18 Mar 2013

After Richard III, Leicester Wants Wolsey’s Remains Found

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Sampson Strong, Cardinal Wolsey, 1610, Christ Church College, Oxford.

The Telegraph reports that the successful search for Richard III’s remains is prompting the city fathers of Leicester to promote a search for another lost burial, that of Cardinal Thomas Wolsey.

Wolsey, a great builder, had arranged for himself a magnificent black sarcophagus in the crypt of St. Paul’s Cathedral, but his failure to procure Henry VIII the annulment of his marriage to Catherine of Aragon led to Wolsey’s downfall, the confiscation of his properties, and finally to his arrest for treason. He was lucky enough to expire in Leicester of natural causes en route to London for his trial and inevitable execution. Wolsey was consequently buried in the same Leicester Abbey as Richard III, without a monument. The grand sarcophagus eventually went to a more worthy occupant: naval hero Lord Nelson.

City councillor Ross Willmott said: “The discovery of Richard III is wonderful news, yet there remains something of a mystery about what happened to Wolsey, who rivaled Henry VIII in wealth and power and was one of the most significant political figures of the era.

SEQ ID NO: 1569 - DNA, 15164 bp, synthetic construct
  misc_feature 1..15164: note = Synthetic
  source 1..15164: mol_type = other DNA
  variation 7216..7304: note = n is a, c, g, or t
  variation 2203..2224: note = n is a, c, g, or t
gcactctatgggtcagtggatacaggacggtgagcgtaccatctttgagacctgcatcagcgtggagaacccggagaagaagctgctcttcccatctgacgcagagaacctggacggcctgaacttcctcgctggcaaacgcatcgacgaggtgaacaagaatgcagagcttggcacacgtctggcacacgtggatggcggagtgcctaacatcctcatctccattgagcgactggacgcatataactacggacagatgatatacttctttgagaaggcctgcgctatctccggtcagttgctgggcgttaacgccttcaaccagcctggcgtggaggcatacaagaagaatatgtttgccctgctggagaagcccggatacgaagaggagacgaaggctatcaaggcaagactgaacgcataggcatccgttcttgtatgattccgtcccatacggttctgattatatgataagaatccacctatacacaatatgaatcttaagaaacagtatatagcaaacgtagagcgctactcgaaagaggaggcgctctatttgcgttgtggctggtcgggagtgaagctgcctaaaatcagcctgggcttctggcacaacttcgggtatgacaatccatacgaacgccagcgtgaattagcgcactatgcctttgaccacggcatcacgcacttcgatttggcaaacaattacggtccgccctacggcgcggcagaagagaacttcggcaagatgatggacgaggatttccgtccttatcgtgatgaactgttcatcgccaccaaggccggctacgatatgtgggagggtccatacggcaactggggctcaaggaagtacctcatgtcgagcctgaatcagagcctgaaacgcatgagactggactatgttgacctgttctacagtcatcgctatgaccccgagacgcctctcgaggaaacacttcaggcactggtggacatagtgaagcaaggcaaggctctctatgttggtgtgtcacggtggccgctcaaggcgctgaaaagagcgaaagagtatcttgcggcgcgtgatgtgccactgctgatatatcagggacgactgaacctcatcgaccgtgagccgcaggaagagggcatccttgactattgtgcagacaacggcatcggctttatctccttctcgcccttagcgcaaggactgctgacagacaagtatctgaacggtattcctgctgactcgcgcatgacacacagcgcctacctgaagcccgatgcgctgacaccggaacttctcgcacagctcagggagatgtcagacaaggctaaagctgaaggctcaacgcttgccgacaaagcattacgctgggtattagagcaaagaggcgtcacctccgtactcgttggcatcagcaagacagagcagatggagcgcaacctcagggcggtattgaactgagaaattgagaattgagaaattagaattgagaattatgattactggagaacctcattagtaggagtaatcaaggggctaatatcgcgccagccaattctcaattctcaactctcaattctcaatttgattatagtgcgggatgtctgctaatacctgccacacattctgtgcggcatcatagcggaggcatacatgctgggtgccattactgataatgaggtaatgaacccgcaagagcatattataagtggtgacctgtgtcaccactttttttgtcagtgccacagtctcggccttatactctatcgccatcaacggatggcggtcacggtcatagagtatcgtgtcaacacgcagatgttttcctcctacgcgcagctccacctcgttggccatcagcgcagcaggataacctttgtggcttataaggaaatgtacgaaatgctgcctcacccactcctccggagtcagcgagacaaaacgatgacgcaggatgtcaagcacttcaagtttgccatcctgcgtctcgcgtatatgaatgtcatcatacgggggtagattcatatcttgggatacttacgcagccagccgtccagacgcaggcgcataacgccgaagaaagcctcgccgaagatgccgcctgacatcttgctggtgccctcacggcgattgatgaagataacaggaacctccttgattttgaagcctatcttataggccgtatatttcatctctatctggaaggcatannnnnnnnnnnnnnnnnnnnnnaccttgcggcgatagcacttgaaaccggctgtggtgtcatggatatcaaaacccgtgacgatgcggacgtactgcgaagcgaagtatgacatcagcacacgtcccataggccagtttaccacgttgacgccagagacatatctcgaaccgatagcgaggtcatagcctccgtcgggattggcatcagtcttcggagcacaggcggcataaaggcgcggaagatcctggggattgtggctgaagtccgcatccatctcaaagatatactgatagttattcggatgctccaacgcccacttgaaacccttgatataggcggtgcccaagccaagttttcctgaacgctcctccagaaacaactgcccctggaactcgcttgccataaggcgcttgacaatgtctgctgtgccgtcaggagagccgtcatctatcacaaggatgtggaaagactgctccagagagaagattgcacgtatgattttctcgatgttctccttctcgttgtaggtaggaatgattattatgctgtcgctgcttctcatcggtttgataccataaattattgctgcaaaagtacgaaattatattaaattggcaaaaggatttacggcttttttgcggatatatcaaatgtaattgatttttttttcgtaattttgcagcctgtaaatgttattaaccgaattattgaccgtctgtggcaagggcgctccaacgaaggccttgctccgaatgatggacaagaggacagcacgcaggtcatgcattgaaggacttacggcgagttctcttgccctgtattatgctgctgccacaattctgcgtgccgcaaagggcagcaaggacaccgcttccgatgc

“Arguably, he is far more influential than Richard III. To discover his remains would help tell the story of another historic figure linked to the city.”

“There have been digs over the years to try to find him but they have not succeeded. I would like another go.

“It would bring more tourists to the city and further excite the interest in history and archeology that we are now seeing.”

The churchman, Henry VIII’s Lord Chancellor, died at the town’s abbey, the ruins of which can be seen from the city centre, while travelling to London after being accused of treason when he failed to secure the annulment of the king’s marriage to his first wife Catherine of Aragon.

He served as royal chaplain to Henry VII, who seized the throne after Richard was killed at the Battle of Bosworth in 1485.

It is likely he was buried with great ceremony at the abbey but historians think his tomb was destroyed later in Henry VIII’s reign, when abbeys were dissolved in the late 1530s after England’s split with the Catholic Church.

Attempt to locate Wolsey’s remains during digs in 1820 and again in the 1930s drew blanks.

However, Leicester Civic Society chairman Stuart Bailey said: “His bones may have been scattered and any remnants destroyed, but for years they said that about Richard III.

“I think it would be marvellous to have another look. It was a great fluke that Richard was found but we know Wolsey was buried in the Lady Chapel of the abbey church, which is not all that big.”


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